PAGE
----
Beate Andrees is Head of ILO’s Special Action Programme to Combat Forced Labour.
At the International Labour Conference in June this year, governments, workers and employers adopted a new Protocol against forced labour, supplemented by a Recommendation, which has been hailed around the world as a landmark treaty to protect human rights. The new instruments received overwhelming support from governments, workers and employers with 437 votes in favour, and only a handful of abstentions or votes against.
The Protocol builds on one of the oldest and widely ratified ILO conventions, the Forced Labour Convention (No. 29), which was passed in 1930. The initial aim of Convention 29 was to progressively abolish forced labour in colonial territories. As a result, it allowed for a transition period during which states could still make limited use of forced labour.
On a recent mission to the Republic of Congo, Morse Flores, ILO staff member and officer for the UN Indigenous Peoples Partnership (UNIPP) recorded his impressions of a joint UN project to help raise awareness of indigenous peoples’ rights. The purpose of Morse’s mission was to meet with key partners of UNIPP and see first hand the reality on the ground with a view to developing the joint UN project further. In 2011, the government of the Republic of Congo adopted Law No. 5-2011 on the Promotion and Protection of the Rights of Indigenous Populations, becoming the first African country to adopt a specific law on indigenous peoples. Continue reading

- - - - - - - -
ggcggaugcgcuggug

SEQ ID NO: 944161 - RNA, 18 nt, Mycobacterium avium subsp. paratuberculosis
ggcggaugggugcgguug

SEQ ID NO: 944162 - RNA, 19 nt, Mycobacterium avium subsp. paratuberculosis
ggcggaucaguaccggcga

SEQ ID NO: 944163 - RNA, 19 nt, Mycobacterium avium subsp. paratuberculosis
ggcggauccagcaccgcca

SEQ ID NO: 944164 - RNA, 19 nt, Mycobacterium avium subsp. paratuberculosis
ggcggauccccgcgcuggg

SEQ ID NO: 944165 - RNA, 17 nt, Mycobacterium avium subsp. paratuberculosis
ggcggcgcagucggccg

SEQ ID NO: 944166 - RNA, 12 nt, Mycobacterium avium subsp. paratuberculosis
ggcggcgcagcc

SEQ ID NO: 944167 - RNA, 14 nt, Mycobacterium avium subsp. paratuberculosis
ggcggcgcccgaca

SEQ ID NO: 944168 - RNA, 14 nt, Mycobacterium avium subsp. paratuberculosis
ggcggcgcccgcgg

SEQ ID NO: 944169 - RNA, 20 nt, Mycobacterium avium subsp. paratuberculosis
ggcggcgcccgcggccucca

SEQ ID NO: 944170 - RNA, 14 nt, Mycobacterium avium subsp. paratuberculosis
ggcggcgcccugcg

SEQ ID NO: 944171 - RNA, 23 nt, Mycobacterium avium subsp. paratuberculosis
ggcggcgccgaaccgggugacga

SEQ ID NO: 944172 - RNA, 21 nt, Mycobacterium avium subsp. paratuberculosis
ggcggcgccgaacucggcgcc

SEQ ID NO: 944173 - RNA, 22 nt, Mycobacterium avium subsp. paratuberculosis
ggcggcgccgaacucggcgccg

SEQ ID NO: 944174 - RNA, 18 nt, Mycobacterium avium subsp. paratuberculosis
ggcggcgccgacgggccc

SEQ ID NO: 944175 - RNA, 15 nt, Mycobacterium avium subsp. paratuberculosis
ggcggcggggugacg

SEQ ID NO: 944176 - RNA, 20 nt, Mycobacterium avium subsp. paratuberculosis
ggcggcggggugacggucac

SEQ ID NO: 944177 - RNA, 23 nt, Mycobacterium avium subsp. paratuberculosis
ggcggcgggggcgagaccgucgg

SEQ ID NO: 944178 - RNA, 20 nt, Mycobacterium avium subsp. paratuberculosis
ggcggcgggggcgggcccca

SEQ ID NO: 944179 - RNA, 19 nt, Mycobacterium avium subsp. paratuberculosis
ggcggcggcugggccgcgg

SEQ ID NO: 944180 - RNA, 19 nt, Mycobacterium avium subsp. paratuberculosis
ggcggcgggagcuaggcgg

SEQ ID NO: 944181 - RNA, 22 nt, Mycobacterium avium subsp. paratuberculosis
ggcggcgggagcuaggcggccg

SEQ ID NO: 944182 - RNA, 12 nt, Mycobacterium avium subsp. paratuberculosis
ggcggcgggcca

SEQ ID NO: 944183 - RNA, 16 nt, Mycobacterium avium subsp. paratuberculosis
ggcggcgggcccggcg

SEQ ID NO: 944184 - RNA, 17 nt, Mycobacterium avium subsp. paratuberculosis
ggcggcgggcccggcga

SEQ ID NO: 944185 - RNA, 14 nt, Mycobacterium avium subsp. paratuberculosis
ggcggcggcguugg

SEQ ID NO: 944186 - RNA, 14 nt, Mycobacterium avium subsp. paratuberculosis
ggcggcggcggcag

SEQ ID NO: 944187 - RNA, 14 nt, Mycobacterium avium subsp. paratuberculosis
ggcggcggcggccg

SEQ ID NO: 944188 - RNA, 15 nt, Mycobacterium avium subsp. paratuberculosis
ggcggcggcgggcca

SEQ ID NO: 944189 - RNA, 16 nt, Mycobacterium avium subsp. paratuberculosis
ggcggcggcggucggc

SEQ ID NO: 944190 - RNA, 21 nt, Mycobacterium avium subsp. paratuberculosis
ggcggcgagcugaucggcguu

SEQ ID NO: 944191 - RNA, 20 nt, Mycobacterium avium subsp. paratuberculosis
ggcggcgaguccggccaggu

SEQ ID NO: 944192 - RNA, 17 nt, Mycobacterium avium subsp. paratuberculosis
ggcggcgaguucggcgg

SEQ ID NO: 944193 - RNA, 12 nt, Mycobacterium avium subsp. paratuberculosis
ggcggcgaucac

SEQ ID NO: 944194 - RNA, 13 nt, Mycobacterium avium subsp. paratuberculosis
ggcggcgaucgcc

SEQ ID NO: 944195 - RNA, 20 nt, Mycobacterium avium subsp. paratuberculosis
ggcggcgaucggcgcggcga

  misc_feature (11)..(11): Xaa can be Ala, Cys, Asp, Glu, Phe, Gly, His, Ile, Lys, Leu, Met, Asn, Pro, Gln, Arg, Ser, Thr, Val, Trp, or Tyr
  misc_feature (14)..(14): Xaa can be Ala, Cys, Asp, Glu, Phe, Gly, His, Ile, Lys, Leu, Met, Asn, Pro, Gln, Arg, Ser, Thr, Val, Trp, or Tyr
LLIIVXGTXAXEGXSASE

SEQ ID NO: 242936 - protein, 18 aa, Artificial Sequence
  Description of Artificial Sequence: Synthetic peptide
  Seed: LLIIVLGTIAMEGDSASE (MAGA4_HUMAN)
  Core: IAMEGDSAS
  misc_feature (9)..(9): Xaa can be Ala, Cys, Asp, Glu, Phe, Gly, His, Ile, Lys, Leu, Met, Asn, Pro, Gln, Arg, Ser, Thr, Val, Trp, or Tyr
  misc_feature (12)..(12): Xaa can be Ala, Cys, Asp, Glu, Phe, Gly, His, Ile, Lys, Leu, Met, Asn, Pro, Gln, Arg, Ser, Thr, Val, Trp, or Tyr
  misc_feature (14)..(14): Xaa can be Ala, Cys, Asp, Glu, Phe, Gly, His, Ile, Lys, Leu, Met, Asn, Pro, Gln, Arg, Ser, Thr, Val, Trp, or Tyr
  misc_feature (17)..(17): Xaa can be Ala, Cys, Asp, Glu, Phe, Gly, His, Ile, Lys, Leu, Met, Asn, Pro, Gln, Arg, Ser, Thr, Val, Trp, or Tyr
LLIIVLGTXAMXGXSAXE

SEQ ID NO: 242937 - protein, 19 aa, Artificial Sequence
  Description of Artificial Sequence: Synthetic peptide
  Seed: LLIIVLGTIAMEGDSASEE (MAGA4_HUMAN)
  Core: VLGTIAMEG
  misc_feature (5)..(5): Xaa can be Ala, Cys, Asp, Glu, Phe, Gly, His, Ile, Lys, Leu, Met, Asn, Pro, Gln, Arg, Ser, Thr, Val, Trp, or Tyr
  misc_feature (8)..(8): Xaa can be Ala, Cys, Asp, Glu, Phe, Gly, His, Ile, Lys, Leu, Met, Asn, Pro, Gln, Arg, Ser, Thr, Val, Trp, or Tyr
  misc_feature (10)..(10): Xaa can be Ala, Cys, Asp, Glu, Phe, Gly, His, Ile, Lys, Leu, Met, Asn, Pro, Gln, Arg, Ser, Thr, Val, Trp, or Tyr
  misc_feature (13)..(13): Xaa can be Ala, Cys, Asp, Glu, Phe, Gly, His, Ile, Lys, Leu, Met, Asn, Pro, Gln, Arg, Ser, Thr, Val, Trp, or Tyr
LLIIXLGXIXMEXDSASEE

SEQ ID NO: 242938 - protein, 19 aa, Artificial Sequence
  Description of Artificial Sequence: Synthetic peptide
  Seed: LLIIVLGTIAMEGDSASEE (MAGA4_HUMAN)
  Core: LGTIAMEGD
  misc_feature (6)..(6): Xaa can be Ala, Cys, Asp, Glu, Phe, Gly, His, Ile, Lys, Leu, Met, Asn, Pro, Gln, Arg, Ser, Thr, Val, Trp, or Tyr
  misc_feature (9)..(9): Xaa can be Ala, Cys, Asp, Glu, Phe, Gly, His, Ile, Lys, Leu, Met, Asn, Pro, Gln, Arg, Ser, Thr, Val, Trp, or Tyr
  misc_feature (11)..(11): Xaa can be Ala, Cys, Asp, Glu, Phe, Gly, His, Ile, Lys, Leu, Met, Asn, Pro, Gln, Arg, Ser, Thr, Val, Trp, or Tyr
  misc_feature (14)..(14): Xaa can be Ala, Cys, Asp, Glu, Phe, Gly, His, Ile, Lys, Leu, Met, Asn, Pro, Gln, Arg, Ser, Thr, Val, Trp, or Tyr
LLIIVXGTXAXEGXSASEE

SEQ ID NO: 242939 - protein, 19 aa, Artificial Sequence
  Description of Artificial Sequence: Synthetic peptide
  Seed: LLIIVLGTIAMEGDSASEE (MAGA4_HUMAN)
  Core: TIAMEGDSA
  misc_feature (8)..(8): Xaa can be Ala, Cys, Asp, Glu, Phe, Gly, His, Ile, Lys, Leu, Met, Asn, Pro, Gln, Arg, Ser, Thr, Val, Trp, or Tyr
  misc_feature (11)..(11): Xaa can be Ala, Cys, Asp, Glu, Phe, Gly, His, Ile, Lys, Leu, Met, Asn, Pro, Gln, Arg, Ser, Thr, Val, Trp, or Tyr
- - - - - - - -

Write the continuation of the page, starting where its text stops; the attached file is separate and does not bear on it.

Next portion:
Michael Axmann, Senior Expert in Skills Development Systems at ILO
“You will get the right skills with an apprenticeship!”
Those were my mother’s words when, at the age of 18, I came home with a two-year contract in my pocket for an apprenticeship at a local bank. I’d decided not to go to college right away, because I wanted to get some work experience and start earning some money. Even though I eventually did get my university degree, I still look back on that decision as one of the best career moves I ever made.